Border crossing with Calexico

When Dinosaur Jr. emerged in the 1980s, it catalyzed a new era in indie rock. Whereas The Guitar Solo was virtually anathema to the class of '77, the subsequent wave of electric youth, raised on Black Sabbath more than the Troggs, lacked such bias. One "descendant" of Generation Dino is Dead Meadow, birthed in the late-'90s D.C. punk scene. Wedding the churlish volatility of punk, massive slabs of dense guitar shred, and trippy, wah-wah'd psychedelia, Dead Meadow carved a niche where dreamy, catchy, and heavy merge. Let the band break ground in your mind on Friday, Dec. 8, at Slim's at 9 p.m. Admission is $14; call 255-0333 or visit www.slims-sf.com for more info. — Mark Keresman


It takes some pretty heavy hitters to get the Shins down to the small typeface on the event posters, but Live 105's Not So Silent Night parties are never short on the marquee talent. Along with those Portland indie poppers, 2006's NSSN boasts sets from Modest Mouse, the Killers, the Raconteurs, and the band that seems to land a new opening slot every other week, Silversun Pickups (along with one lucky local act yet to be named at press time). The merriment goes down at the Bill Graham Civic, but unless you already have tickets, your luck getting in to this sold-out gig is black as a lump o' coal. You can, however, try to buy entry to the NSSN afterparty with U.K. blogger-bait Lily Allen, she of the innocuous pop-reggae melodies and sharp lyrical smackdowns. Allen, Starsailor, and a gaggle of DJs keep the post-Civic festivities going on Friday, Dec. 8, at Mighty from 11 p.m. until 4 a.m. Admission is $15; call 762-0151 or visit www.mighty119.com for more info. Jennifer Maerz


In a sense Calexico has crossed borders its entire career, forging the Rio Grande with dusty post-Poco folk rock that leans heavily on a variety of Mexicali traditions. It follows that the band should touch on the hot-button border debate, and its final tour of 2006 aims to raise awareness about the complex social issues facing citizens on both sides of the barbed U.S.-Mexico line. It's not the trite rocker's soapbox either; the group is bringing along representatives from Humane Borders and Music for America to shed light on humanitarian issues of the debate. For the cause, Calexico is ideally matched with Chicano rock legends Los Lobos, whose most recent record, The Town and the City, takes a long, somber look at the same issues. Even without the bonding politics, it'd still be an exciting night of music; with them, it's all the more powerful. Calexico joins Los Lobos for a two-night stand at the Fillmore on Friday, Dec. 8, and Saturday, Dec. 9, at 9 p.m. Admission is $36.50; call 346-3000 or visit www.thefillmore.com more info. Nate Cavalieri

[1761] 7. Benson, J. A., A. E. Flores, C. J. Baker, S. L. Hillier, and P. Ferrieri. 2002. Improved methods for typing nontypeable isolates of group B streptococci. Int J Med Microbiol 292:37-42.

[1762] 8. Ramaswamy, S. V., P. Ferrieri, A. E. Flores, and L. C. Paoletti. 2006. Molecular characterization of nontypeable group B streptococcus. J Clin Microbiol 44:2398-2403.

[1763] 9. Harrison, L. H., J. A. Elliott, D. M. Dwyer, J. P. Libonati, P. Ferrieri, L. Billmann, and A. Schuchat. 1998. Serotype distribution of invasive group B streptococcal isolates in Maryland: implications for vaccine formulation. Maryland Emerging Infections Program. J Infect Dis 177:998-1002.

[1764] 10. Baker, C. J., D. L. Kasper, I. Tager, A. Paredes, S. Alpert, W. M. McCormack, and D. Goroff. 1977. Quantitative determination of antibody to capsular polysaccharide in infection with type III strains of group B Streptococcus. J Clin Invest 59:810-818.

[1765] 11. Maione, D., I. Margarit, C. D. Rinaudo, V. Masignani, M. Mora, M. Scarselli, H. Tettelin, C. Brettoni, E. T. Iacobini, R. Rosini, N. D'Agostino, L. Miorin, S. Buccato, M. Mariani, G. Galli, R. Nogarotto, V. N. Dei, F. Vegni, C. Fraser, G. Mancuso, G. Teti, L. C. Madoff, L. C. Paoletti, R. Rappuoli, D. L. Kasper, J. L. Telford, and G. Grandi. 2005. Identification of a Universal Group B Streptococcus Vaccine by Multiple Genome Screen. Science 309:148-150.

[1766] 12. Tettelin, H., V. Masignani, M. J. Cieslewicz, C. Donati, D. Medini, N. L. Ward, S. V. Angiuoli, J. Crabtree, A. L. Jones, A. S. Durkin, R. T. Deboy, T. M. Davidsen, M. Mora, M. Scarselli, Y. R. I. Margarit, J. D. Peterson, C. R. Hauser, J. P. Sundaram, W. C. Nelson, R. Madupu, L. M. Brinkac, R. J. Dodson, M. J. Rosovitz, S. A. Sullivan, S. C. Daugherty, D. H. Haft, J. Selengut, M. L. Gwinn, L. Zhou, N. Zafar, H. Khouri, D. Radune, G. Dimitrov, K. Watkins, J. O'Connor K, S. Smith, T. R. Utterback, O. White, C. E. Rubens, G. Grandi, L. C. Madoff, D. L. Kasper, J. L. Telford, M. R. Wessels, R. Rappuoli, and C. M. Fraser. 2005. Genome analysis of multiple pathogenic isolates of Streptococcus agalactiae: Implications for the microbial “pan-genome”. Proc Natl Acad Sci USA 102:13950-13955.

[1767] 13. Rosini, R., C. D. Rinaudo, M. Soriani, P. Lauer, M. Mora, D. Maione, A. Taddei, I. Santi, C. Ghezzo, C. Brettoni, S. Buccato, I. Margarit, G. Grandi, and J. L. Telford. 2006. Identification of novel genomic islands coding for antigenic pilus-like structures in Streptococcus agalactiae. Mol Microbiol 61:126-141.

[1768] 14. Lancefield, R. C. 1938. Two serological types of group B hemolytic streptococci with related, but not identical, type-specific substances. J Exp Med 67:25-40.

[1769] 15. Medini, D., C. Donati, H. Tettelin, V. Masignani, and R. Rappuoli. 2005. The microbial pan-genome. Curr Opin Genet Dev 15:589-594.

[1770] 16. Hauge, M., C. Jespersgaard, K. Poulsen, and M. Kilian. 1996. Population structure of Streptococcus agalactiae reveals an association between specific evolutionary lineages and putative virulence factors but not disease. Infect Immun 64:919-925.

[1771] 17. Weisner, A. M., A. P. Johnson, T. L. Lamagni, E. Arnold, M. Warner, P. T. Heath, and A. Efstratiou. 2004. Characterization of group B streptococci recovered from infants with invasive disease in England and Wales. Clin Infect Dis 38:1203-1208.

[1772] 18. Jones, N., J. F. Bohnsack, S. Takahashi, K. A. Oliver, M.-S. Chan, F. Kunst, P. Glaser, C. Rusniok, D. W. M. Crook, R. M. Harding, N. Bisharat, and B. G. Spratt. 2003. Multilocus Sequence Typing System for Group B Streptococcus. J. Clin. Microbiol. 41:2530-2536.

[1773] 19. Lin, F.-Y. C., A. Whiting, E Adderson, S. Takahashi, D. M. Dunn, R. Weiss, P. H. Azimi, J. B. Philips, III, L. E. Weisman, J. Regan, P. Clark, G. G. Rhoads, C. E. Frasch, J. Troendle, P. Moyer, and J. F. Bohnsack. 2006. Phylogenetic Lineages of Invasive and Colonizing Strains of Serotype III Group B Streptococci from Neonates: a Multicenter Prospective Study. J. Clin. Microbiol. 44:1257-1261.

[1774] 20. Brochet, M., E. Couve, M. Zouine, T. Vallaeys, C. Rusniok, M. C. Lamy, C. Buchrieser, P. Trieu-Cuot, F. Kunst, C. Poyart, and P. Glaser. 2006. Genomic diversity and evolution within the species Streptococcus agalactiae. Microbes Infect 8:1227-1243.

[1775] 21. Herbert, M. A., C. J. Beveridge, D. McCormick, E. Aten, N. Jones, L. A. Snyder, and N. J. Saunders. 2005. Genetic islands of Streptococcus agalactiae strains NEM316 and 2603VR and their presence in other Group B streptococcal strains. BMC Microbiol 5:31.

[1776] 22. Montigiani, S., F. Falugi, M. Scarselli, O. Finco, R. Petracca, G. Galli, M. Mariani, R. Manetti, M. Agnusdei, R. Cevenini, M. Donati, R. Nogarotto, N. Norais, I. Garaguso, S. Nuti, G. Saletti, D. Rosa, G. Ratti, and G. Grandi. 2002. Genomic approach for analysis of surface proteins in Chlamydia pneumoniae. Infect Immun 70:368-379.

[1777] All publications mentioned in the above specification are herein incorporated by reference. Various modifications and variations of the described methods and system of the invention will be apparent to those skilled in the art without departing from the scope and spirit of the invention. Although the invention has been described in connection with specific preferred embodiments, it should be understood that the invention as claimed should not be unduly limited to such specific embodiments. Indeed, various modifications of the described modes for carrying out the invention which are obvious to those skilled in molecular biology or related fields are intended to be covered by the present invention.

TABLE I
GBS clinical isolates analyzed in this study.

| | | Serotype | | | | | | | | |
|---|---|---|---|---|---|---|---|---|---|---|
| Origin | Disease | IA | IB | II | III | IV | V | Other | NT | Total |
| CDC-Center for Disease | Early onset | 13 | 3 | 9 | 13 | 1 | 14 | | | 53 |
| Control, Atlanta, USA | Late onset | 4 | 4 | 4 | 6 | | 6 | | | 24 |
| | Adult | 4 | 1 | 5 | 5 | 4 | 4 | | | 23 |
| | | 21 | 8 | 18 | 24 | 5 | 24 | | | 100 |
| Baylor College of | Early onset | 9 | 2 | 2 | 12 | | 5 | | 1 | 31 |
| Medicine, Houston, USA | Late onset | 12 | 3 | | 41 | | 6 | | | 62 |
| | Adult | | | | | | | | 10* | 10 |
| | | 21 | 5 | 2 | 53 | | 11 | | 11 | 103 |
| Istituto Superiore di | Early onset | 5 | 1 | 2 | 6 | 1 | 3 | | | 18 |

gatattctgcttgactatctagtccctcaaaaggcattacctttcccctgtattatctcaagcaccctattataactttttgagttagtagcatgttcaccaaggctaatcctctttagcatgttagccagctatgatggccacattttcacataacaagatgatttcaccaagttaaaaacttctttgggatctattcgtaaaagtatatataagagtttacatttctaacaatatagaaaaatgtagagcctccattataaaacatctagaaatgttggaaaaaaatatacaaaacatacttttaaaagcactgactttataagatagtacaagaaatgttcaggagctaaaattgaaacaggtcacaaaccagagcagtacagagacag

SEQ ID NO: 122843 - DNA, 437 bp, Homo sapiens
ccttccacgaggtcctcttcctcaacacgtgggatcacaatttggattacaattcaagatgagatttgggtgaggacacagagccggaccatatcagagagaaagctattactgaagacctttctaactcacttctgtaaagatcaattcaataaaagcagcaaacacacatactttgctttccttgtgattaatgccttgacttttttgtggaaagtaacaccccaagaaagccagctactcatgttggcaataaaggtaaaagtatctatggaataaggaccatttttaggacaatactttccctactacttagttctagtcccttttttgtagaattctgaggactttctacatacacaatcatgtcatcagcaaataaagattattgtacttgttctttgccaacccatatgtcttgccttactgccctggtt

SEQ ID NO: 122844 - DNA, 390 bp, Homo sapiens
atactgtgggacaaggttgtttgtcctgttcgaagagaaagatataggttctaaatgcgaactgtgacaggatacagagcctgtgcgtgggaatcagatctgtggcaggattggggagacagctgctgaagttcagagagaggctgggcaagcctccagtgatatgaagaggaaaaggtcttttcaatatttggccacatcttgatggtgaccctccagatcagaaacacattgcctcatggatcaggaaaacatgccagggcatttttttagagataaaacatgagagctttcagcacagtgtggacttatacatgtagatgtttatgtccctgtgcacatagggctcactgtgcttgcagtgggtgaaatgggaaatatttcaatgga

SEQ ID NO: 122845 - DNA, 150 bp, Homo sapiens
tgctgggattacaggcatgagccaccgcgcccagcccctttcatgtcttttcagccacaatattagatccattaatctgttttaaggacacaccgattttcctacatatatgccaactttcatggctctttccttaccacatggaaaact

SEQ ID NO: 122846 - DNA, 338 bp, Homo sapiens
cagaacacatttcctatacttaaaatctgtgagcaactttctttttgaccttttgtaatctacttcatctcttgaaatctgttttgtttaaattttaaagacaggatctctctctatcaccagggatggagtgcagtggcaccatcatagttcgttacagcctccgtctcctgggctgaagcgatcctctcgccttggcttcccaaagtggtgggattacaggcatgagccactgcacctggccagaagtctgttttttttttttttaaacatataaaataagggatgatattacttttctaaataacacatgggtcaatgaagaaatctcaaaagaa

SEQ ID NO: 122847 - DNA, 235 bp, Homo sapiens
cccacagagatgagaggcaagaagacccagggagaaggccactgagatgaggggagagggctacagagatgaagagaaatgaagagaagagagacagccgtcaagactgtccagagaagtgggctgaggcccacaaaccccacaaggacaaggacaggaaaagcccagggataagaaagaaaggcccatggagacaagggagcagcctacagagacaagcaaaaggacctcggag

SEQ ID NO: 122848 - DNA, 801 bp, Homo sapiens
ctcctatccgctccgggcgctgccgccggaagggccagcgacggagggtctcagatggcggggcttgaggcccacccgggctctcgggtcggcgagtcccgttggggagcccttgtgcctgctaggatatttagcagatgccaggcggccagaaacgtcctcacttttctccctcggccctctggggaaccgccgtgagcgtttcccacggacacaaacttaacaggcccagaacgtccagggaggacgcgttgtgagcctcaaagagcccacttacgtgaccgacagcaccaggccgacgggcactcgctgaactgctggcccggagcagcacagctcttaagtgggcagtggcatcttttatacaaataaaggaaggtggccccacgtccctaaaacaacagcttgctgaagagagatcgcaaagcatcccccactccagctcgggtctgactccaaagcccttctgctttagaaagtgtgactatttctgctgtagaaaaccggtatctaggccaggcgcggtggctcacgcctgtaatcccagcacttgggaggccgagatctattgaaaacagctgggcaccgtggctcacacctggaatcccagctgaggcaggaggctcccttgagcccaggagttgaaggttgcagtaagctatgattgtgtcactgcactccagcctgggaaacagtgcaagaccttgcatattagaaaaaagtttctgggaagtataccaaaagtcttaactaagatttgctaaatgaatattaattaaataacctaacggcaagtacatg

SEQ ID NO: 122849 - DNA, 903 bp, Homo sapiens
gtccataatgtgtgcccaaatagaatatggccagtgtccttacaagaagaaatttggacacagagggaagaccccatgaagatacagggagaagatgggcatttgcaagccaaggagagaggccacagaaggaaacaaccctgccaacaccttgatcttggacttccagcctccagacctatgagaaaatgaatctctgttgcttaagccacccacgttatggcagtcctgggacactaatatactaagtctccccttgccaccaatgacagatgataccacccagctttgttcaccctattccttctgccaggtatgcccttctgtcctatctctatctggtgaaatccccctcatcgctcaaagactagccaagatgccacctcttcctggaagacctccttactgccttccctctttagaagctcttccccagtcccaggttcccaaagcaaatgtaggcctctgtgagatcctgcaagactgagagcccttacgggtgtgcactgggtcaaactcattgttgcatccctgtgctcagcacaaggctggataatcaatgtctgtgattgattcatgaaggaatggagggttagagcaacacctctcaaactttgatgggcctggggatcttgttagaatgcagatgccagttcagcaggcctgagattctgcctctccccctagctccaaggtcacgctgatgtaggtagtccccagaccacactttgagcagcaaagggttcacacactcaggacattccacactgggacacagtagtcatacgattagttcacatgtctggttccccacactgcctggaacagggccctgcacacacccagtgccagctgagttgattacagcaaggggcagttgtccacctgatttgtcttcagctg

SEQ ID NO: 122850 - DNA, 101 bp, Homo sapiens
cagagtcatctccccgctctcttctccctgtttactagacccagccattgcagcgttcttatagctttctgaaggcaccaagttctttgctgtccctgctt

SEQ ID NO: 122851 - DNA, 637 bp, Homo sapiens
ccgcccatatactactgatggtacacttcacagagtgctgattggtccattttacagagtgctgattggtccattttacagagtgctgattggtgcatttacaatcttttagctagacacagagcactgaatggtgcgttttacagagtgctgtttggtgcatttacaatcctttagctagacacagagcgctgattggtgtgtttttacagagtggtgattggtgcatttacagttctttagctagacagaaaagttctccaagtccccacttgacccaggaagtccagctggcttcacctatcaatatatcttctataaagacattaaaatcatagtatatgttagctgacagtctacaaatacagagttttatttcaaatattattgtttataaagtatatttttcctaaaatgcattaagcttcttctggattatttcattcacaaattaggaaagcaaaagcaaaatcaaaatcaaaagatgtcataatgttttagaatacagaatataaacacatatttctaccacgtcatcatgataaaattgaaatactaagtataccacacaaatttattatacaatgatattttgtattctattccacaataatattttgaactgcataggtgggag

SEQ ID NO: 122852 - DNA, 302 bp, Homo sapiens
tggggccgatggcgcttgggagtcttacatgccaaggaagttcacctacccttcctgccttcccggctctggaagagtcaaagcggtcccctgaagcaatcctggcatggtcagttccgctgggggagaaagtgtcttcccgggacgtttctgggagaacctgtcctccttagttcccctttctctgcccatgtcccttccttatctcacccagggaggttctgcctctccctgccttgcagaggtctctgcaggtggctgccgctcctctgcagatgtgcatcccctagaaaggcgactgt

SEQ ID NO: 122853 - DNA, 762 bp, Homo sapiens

How many drummers d'ya think have "the right stuff" to share stages 'n' studios with New Orleans R&B diva Irma Thomas, jazz guitarist John Scofield, and shred-meisters Corrosion of Conformity? You need only count to one: Stanton Moore. From N'awlins, Moore has the finesse of a jazz musician, the whole-torso bash of a rocker, and the moxie to excel at both. Moore's latest III runneth over with smoldering, funky grooves, and hearty 'n' terse soloing — imagine an urbane Meters, or an earthier Medeski, Martin & Wood. With Greyboy Allstars organist Robert Walter and Bay Area/T.J. Kirk alum Will Bernard on guitar, how could it be otherwise? The Stanton Moore Trio puts 12 Galaxies into orbit on Saturday, Dec. 9, at 9 p.m. Admission is $25-30; call 970-9777 or visit www.12galaxies.com for more info. — M.K.


Stop the presses: Mates of State no longer hold the Kewpie-doll title belt in the girl-boy/keyboard-drums category of two-piece indie rock. Coming straight out of Brooklyn, with singalong choruses and twee-influenced melodies ablaze, are Matt and Kim, who have been forging trails among scenesters and music bloggers with their effectively lighthearted pop. When the chorus of "Yea Yeah" playfully slaps you in the face, even the hardest screwface gets twisted into a smile, as Matt attempts to fit as many "yeah's" into two bars as possible. While Kim plays the Meg White beats under Matt's new-wave synth lines, never forget: It's all about the simplicity, stupid. This isn't rocket science, it's power pop, and the Matt and Kim live show will certainly inspire handclaps and goofy grins. Plaster your face with one when they perform on Monday, Dec. 11, at Bottom of the Hill at 9 p.m. Admission is $8; call 621-4455 or visit www.bottomofthehill.com for more info. Jonah Flicker

 
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